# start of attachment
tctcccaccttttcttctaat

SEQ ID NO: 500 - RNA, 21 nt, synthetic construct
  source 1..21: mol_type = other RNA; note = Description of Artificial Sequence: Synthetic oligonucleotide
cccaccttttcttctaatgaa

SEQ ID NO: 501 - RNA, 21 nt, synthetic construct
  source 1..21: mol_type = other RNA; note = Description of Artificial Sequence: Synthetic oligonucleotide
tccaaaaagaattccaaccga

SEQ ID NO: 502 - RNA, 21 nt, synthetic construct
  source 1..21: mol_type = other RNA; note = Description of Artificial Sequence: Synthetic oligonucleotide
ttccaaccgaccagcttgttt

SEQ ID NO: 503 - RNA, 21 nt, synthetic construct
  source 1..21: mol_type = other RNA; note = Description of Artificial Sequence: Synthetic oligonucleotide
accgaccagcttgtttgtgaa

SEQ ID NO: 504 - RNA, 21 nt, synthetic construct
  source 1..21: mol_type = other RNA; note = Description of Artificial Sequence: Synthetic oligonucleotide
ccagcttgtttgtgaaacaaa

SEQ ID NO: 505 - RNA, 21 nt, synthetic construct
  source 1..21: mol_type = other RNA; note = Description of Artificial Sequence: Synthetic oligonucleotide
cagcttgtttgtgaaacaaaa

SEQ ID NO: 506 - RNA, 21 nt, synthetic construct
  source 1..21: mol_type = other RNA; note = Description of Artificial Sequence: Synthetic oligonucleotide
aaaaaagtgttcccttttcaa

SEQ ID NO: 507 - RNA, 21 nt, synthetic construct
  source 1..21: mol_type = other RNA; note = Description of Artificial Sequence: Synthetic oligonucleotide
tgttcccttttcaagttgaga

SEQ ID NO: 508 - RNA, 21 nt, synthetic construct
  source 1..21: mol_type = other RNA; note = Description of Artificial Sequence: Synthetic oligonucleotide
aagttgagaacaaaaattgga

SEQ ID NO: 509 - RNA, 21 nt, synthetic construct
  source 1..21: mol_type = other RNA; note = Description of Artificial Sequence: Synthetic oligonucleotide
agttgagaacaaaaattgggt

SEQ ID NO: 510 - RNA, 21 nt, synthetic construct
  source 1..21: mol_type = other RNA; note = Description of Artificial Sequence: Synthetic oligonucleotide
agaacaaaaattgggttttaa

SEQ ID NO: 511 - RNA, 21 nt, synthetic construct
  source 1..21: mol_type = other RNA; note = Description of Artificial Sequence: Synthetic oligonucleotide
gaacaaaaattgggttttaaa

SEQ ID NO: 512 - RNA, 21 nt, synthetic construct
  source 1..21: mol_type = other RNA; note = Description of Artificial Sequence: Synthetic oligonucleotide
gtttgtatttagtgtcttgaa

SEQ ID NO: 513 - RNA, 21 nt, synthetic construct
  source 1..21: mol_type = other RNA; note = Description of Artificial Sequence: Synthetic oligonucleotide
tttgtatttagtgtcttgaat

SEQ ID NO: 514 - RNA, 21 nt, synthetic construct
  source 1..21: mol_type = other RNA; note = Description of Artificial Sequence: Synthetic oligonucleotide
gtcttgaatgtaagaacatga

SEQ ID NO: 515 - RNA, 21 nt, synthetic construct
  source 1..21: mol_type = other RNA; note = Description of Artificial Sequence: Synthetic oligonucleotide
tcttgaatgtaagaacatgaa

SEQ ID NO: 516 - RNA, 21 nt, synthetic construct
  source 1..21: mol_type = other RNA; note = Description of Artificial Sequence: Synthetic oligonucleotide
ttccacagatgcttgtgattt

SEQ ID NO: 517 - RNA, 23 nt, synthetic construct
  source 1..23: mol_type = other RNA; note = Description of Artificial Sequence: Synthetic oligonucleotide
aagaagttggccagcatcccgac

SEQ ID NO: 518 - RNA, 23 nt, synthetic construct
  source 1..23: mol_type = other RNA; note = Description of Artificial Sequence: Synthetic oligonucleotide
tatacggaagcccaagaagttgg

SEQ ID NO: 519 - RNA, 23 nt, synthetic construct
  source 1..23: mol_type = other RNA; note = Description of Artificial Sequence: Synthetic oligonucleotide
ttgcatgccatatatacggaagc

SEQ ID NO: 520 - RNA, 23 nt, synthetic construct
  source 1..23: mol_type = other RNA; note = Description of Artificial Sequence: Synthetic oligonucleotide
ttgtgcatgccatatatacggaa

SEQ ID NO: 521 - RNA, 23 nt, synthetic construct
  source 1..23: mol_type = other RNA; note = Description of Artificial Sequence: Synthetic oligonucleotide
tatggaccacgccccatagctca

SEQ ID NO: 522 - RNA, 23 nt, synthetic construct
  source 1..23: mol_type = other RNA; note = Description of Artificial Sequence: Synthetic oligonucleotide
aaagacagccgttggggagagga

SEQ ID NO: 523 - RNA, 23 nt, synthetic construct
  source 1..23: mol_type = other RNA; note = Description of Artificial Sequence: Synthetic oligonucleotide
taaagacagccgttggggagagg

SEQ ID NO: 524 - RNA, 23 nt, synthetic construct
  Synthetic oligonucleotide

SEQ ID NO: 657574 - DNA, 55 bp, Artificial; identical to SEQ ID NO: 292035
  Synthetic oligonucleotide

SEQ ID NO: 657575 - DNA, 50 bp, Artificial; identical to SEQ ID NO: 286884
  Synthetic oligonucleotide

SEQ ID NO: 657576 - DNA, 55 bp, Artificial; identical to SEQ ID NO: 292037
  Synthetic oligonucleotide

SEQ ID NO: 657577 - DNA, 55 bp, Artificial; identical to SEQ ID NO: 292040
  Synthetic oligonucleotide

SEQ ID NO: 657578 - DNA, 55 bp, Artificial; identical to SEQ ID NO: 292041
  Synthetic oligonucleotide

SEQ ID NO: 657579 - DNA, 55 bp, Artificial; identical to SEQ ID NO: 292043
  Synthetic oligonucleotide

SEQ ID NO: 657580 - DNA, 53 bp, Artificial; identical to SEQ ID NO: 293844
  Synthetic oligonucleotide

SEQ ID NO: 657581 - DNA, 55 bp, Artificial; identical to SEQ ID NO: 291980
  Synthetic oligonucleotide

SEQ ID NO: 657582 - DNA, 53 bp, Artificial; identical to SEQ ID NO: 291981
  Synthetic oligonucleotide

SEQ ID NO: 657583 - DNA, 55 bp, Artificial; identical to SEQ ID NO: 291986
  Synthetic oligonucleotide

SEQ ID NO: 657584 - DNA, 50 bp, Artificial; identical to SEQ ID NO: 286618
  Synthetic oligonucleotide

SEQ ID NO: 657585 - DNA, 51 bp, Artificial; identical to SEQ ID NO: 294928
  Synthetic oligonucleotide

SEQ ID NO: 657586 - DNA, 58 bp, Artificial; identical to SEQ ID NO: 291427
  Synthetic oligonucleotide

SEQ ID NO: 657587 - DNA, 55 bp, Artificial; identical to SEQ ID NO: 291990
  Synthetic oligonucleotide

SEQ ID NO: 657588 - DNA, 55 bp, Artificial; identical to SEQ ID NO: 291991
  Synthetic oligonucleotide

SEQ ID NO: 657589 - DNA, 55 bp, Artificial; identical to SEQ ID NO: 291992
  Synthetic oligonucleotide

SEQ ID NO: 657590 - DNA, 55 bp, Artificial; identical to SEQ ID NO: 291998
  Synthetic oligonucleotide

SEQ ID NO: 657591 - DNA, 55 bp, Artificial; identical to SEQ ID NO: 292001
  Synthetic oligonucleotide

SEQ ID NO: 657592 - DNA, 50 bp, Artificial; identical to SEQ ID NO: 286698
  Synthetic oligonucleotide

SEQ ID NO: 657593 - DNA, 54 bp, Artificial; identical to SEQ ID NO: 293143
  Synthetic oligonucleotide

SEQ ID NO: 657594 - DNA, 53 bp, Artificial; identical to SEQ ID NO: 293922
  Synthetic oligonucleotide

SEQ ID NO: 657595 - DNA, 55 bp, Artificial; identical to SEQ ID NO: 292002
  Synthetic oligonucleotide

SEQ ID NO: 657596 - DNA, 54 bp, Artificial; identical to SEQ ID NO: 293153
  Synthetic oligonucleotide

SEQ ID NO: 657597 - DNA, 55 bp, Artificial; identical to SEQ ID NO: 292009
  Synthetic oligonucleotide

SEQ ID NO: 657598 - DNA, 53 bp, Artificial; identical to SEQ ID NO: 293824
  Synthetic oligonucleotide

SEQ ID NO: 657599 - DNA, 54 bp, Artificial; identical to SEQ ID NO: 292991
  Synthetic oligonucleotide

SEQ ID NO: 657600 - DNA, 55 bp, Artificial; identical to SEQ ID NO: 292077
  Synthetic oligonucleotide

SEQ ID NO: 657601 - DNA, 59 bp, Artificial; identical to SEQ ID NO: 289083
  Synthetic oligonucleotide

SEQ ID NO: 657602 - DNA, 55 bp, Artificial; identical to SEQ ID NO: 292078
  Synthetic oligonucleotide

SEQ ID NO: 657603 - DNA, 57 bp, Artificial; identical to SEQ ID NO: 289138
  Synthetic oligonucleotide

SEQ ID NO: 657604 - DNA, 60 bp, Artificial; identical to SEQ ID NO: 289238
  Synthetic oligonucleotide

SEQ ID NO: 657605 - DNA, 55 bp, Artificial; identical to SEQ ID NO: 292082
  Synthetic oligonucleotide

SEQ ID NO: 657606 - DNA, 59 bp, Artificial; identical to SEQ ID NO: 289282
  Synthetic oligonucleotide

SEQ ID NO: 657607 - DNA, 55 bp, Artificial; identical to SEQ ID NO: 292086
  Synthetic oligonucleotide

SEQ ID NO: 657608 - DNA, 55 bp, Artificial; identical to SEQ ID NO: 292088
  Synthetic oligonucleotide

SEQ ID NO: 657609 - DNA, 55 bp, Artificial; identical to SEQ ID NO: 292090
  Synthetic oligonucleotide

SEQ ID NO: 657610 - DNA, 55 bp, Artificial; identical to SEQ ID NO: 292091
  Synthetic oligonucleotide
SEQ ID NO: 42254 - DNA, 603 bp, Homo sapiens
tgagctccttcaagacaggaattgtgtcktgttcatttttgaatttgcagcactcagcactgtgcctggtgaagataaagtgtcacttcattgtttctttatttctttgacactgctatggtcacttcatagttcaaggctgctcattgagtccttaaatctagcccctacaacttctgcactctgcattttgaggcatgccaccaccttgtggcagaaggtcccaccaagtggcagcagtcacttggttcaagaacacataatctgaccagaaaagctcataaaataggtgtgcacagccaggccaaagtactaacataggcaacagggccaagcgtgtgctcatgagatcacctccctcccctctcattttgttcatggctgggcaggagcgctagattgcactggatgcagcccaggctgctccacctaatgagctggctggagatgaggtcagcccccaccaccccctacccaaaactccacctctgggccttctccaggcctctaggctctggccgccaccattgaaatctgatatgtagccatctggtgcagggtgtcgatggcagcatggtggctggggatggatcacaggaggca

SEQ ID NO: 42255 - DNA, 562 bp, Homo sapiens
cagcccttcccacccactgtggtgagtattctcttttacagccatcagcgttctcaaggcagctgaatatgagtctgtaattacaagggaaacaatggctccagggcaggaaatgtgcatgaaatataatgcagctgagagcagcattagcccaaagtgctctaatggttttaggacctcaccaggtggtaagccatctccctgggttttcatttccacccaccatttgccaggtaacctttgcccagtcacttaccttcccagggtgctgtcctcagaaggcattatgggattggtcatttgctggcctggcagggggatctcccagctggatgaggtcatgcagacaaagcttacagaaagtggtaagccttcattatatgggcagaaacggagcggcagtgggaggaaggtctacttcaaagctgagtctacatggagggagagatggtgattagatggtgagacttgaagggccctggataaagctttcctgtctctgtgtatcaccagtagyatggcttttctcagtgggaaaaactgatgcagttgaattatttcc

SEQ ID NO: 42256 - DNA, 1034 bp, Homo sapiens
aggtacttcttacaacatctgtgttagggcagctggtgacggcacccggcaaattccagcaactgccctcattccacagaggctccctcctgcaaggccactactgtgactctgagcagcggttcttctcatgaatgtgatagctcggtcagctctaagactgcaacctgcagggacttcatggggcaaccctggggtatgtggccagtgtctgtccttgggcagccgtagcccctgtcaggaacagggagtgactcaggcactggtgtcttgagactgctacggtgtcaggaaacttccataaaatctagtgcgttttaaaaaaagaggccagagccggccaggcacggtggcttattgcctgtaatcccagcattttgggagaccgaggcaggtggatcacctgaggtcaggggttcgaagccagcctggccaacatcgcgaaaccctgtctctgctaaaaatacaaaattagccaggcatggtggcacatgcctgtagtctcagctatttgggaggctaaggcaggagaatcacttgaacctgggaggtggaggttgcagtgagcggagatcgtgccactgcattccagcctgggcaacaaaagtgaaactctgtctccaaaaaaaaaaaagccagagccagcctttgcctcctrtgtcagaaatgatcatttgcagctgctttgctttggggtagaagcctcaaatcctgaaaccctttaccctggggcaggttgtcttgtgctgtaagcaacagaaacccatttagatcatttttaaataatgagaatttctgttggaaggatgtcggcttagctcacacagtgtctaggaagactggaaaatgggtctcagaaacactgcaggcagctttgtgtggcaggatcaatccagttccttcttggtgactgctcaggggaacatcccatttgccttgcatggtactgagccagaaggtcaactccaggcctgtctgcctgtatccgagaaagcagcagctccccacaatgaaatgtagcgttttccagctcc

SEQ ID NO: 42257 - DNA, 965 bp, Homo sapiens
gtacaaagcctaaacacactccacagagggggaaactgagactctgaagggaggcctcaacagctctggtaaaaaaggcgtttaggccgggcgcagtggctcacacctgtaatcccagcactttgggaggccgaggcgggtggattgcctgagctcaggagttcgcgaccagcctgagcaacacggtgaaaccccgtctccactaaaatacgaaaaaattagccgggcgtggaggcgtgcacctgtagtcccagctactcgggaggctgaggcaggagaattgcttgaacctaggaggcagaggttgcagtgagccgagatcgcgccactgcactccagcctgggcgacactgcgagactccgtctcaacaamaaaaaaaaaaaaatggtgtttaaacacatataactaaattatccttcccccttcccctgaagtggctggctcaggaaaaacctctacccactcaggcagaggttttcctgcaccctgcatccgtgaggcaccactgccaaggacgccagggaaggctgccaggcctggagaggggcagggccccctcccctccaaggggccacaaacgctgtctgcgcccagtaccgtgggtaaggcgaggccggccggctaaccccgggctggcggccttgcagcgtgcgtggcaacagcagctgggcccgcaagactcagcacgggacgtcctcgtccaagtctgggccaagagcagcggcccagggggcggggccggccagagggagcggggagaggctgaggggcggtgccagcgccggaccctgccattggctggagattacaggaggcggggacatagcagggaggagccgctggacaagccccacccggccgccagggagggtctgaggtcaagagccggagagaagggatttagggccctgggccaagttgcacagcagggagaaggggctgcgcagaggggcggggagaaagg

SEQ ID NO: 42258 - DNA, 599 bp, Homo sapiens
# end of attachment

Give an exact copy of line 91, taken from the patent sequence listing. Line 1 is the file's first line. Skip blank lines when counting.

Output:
  Synthetic oligonucleotide